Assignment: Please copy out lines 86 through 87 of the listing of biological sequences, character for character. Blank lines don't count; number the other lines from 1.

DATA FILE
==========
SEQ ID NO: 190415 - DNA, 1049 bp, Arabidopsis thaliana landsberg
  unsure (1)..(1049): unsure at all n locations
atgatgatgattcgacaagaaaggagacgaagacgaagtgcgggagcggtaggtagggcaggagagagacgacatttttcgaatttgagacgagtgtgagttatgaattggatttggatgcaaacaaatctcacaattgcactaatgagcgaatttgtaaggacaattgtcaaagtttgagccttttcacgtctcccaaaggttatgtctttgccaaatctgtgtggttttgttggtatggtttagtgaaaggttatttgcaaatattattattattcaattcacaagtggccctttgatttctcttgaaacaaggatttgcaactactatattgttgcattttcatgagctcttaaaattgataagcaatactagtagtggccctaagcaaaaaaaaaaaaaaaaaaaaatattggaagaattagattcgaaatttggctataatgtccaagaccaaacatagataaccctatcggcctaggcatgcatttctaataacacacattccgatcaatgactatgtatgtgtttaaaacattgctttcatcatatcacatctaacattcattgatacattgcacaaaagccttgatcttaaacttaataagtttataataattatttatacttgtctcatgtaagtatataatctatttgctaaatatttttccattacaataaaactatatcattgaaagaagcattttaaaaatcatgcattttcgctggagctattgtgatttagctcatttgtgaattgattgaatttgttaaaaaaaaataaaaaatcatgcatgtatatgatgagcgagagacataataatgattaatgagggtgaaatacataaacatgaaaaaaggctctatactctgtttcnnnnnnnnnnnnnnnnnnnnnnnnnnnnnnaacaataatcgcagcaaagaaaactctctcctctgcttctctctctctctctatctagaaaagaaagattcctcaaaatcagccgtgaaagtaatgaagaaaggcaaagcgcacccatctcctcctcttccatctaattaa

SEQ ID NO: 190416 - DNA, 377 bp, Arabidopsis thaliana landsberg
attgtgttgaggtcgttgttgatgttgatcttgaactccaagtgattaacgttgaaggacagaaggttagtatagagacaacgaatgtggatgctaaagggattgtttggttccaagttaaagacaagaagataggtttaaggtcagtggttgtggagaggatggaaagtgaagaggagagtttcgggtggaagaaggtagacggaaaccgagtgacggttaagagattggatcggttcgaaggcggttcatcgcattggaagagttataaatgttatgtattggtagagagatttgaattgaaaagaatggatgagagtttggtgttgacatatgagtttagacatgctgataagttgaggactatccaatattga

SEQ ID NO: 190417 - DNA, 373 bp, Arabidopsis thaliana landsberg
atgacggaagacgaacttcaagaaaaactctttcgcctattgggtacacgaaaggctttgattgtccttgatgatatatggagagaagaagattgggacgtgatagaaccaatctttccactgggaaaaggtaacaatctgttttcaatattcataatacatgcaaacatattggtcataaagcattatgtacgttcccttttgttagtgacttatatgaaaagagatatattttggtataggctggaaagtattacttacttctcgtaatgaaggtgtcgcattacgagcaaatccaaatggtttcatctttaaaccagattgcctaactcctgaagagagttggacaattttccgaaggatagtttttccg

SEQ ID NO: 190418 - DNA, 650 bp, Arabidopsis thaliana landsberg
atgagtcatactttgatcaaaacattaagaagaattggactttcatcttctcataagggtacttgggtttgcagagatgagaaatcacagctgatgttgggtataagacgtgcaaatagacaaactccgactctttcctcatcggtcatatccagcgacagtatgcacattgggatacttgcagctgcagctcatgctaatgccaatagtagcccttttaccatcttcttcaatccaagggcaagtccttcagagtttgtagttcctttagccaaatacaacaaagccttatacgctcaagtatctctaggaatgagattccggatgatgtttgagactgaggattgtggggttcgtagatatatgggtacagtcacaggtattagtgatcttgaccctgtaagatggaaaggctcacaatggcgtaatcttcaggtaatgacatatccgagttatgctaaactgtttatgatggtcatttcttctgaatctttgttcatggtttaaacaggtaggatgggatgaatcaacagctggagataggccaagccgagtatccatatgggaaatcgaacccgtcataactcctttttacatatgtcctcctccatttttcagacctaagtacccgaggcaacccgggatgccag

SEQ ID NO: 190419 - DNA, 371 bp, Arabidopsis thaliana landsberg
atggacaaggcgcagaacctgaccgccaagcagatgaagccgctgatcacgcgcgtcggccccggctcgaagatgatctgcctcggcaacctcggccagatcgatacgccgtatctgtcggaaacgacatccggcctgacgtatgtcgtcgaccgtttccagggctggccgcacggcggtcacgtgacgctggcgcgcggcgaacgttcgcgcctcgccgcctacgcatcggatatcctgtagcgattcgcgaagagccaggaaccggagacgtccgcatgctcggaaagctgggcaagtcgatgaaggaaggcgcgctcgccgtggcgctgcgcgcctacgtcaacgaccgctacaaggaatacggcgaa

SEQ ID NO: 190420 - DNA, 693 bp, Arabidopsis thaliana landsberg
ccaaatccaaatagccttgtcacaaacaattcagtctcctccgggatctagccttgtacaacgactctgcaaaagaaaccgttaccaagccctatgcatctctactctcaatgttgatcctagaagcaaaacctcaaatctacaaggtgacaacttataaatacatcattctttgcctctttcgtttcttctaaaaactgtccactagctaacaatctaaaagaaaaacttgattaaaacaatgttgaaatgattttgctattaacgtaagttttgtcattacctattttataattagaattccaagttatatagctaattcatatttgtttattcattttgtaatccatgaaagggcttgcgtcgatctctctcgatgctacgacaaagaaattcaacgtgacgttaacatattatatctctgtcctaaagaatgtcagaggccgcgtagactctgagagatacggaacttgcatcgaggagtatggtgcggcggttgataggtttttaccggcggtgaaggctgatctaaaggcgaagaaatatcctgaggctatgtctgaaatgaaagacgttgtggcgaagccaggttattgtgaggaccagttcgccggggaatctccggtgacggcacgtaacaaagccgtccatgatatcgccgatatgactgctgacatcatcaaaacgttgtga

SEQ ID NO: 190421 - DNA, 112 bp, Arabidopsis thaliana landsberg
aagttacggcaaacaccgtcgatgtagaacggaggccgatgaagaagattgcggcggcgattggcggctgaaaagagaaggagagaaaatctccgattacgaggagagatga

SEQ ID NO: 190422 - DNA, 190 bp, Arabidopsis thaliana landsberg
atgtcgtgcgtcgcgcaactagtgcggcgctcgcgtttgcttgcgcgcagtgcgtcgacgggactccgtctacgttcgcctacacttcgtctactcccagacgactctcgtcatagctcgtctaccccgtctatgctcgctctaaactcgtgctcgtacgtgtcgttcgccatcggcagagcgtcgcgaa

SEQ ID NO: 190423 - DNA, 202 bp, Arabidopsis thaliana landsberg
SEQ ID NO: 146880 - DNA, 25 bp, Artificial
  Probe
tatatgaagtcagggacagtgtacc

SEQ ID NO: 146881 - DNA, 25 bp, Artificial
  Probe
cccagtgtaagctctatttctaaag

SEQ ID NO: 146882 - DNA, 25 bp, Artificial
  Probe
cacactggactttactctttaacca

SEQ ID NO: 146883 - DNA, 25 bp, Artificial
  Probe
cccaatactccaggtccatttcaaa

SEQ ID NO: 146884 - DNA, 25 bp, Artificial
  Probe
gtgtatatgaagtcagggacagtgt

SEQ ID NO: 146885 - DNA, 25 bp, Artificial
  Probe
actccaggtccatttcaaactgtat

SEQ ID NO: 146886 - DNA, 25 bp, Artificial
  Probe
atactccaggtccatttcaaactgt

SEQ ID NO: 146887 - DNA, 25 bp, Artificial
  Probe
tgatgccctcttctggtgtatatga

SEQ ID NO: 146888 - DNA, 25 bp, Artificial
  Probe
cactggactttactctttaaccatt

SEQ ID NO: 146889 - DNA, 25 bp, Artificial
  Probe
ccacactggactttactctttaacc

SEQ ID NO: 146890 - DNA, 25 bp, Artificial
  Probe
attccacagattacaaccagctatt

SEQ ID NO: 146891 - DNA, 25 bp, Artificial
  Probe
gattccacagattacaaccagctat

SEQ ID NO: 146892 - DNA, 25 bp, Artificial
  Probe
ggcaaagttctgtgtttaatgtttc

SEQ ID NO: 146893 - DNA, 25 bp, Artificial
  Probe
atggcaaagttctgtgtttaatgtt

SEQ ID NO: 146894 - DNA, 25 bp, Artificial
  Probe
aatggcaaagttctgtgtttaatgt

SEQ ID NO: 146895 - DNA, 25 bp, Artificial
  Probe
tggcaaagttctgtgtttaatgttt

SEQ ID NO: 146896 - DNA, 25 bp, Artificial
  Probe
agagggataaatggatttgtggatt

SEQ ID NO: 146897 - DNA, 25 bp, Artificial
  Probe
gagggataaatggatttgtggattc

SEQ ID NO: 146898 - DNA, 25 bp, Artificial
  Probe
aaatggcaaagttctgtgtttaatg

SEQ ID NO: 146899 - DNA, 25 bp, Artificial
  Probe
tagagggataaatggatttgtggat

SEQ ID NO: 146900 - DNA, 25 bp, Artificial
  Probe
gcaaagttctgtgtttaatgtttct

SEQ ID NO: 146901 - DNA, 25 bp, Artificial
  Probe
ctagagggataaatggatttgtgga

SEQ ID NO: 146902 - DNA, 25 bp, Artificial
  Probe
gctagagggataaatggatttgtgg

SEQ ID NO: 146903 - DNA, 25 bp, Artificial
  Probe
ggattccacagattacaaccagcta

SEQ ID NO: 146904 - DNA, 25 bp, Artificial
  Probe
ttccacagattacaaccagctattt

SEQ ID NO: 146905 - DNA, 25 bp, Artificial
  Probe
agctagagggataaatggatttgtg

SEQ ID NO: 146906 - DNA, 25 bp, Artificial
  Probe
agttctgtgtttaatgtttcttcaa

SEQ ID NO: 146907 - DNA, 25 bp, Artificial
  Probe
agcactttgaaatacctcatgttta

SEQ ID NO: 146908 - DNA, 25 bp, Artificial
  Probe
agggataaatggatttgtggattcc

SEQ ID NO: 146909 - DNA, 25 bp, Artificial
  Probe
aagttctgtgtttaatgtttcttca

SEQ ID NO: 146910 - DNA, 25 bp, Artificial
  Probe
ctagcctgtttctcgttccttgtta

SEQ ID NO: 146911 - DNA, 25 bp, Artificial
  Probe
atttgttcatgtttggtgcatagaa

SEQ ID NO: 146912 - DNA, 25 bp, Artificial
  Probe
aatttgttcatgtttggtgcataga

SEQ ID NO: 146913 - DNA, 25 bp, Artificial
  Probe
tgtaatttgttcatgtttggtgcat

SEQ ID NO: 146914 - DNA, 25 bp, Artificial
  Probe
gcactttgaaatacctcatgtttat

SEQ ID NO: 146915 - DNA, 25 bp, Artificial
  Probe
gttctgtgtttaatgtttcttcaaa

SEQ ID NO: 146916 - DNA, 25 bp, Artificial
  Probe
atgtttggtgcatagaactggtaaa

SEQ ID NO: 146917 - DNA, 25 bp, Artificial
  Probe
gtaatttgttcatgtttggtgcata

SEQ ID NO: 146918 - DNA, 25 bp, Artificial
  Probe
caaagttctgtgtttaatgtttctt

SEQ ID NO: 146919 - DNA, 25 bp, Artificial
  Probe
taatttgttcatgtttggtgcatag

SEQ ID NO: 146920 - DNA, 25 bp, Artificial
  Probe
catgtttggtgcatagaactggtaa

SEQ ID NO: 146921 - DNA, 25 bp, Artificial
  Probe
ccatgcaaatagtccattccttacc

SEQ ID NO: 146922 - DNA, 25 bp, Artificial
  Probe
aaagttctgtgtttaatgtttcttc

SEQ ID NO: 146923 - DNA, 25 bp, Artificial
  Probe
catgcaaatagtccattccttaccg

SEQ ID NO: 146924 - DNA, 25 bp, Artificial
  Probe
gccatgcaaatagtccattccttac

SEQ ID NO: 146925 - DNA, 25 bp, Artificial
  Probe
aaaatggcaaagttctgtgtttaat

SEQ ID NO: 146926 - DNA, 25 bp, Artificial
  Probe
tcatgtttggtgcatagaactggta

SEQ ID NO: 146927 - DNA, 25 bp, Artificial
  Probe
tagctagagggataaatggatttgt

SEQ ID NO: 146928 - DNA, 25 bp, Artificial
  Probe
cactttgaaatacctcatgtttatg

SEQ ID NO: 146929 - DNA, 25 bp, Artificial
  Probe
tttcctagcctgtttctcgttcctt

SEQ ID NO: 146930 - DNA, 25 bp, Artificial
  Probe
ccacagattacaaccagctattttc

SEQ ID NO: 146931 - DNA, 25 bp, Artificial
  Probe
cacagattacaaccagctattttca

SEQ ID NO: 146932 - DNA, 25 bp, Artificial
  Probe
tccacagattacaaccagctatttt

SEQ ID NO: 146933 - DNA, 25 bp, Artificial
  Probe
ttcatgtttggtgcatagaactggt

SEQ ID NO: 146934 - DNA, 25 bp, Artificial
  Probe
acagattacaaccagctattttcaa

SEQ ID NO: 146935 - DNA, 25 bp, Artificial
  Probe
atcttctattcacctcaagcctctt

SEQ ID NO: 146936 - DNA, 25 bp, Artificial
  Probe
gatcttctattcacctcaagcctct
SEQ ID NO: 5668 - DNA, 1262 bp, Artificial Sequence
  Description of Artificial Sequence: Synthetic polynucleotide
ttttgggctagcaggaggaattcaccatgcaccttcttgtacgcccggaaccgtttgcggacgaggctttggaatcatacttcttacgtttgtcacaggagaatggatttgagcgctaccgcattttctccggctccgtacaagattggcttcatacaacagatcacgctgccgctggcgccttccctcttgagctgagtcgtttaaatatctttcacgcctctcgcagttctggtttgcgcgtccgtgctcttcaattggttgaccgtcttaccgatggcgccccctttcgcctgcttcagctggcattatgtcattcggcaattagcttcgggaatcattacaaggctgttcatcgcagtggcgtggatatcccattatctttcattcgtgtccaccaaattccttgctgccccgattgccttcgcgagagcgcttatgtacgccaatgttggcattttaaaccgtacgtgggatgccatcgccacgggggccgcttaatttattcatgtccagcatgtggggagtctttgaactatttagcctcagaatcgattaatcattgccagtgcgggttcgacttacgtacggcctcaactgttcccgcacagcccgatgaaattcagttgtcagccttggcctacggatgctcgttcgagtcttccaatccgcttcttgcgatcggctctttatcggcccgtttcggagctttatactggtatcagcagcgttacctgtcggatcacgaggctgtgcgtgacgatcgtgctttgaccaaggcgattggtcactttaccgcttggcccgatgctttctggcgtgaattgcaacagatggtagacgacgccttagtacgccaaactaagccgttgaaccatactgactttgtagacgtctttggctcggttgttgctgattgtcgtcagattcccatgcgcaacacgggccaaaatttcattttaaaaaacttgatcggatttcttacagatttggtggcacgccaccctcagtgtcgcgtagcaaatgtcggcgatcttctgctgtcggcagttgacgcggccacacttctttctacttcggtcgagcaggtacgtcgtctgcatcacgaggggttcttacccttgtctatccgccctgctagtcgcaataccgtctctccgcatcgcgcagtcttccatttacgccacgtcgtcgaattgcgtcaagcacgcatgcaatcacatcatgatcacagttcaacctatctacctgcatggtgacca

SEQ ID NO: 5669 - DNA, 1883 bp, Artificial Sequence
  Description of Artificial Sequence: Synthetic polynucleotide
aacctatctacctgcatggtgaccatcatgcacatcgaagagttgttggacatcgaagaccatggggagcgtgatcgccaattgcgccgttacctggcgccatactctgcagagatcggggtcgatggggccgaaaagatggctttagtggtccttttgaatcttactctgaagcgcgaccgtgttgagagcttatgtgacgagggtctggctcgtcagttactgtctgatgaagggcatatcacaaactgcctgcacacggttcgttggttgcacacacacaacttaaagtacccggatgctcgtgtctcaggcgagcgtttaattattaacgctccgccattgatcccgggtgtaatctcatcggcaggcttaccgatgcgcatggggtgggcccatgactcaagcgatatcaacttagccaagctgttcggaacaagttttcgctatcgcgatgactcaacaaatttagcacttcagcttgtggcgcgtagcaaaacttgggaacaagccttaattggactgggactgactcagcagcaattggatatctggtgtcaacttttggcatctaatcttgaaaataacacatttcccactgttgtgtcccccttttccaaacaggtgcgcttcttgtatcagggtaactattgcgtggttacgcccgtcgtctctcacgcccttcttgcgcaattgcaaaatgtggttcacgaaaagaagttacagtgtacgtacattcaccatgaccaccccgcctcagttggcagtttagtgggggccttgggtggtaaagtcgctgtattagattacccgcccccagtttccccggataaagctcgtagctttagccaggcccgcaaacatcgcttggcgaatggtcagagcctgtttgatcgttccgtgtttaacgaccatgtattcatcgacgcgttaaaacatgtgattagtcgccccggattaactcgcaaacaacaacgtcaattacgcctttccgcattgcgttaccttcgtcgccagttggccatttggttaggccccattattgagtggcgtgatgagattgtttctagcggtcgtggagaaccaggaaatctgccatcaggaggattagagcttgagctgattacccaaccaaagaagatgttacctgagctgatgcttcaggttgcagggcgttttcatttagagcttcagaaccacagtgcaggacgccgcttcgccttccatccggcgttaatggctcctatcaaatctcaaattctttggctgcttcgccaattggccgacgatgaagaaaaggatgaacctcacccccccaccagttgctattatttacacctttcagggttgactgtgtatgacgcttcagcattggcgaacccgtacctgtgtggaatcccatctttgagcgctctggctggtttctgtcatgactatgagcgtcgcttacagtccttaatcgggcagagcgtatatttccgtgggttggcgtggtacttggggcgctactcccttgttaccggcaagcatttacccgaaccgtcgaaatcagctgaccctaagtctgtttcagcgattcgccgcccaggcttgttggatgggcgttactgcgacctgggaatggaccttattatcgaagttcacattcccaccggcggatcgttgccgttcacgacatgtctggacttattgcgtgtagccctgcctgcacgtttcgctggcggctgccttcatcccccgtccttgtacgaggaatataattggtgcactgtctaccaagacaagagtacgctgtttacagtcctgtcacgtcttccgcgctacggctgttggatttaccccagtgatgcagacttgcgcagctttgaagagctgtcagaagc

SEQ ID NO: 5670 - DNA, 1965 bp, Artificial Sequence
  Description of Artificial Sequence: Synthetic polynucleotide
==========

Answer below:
  Probe
gctagagggataaatggatttgtgg